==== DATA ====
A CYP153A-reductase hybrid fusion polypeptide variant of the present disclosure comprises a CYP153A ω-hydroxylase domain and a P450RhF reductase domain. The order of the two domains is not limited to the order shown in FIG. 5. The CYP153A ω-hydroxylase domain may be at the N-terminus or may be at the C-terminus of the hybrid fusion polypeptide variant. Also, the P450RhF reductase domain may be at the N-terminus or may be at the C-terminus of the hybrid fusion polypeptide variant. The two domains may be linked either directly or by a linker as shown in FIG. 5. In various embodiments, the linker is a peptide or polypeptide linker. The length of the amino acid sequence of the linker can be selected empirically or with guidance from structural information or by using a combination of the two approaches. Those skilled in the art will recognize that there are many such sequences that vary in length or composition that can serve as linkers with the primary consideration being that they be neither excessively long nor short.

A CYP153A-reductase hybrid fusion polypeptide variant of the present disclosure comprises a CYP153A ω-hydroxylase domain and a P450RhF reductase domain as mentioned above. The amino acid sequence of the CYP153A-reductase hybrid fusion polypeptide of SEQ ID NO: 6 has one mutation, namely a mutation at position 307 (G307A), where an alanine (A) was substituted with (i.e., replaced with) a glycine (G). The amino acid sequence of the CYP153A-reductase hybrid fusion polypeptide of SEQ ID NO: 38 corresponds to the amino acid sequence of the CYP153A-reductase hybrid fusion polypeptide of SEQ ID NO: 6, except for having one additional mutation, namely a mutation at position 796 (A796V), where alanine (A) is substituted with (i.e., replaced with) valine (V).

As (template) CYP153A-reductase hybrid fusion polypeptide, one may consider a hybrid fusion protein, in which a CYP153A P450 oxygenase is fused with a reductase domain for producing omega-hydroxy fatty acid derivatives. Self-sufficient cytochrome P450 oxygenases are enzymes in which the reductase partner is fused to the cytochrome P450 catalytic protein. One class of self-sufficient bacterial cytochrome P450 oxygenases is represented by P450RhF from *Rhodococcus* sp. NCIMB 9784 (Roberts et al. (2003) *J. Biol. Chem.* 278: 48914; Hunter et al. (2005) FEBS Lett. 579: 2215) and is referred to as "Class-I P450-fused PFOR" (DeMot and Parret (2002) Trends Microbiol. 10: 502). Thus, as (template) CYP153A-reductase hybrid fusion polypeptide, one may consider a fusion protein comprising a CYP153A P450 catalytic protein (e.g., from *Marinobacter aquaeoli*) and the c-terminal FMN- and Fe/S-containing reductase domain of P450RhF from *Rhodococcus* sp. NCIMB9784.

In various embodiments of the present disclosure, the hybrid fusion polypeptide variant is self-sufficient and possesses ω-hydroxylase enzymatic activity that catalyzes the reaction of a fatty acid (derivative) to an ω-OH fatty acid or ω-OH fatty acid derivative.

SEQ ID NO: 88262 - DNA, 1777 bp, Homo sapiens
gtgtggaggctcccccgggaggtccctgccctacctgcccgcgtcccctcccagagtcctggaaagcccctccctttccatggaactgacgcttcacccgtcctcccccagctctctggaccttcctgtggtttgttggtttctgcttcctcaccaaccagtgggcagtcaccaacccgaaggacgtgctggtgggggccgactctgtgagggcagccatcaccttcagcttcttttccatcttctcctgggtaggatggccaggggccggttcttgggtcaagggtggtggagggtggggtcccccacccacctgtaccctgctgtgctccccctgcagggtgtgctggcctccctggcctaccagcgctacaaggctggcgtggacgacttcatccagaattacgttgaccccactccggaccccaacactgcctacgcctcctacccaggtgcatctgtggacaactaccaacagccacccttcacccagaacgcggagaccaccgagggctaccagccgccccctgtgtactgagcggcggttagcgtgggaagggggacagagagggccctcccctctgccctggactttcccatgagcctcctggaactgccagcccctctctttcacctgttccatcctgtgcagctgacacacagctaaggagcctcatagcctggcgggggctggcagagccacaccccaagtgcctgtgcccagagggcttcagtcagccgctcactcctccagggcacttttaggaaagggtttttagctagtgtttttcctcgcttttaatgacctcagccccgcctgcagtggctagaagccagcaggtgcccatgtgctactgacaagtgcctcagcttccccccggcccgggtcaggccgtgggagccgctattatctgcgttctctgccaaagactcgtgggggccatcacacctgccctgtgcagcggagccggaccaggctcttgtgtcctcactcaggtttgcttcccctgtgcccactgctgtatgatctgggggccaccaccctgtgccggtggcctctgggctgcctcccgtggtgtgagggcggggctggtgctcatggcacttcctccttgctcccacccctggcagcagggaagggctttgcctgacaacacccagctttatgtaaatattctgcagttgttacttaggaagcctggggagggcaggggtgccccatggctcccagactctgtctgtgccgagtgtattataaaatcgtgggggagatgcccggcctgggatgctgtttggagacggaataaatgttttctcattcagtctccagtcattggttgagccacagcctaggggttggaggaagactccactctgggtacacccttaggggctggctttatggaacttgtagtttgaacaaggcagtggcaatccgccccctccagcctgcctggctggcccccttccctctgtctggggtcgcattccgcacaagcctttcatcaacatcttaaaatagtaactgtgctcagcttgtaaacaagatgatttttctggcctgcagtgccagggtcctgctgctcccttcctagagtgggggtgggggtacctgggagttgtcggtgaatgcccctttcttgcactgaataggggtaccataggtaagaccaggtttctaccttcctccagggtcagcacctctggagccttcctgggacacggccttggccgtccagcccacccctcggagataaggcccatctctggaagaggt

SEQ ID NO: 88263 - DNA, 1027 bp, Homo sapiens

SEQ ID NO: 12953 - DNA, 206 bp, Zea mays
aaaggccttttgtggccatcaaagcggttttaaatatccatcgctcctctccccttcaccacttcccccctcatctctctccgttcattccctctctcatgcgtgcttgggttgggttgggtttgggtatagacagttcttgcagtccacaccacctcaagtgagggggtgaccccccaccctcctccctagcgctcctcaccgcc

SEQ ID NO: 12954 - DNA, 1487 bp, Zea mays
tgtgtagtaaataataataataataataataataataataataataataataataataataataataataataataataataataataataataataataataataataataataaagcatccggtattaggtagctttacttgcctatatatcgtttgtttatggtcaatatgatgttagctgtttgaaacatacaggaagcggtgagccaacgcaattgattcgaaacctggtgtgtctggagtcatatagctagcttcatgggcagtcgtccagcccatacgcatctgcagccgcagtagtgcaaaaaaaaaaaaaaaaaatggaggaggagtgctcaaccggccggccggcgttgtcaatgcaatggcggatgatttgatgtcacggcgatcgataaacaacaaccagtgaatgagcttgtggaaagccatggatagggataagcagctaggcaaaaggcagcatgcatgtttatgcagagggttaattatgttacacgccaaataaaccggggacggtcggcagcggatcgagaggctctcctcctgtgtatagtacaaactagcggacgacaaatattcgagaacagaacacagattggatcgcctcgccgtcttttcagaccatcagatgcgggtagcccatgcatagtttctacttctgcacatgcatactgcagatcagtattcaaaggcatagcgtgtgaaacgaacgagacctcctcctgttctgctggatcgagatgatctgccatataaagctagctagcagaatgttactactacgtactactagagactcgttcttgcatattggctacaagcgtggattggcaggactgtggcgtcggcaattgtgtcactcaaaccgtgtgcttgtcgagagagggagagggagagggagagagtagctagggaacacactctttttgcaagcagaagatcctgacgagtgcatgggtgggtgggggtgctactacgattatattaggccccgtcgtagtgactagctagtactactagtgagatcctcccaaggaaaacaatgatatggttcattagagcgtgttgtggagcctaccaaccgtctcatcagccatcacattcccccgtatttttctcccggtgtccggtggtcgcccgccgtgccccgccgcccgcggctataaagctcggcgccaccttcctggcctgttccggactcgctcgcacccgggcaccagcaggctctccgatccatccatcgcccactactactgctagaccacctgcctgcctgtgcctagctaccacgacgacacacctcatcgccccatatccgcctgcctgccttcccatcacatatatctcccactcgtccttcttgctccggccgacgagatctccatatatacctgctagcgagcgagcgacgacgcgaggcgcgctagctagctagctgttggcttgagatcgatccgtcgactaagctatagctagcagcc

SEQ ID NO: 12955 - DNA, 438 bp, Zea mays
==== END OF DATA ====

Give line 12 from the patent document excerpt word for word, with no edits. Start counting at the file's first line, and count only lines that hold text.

SEQ ID NO: 12955 - DNA, 438 bp, Zea mays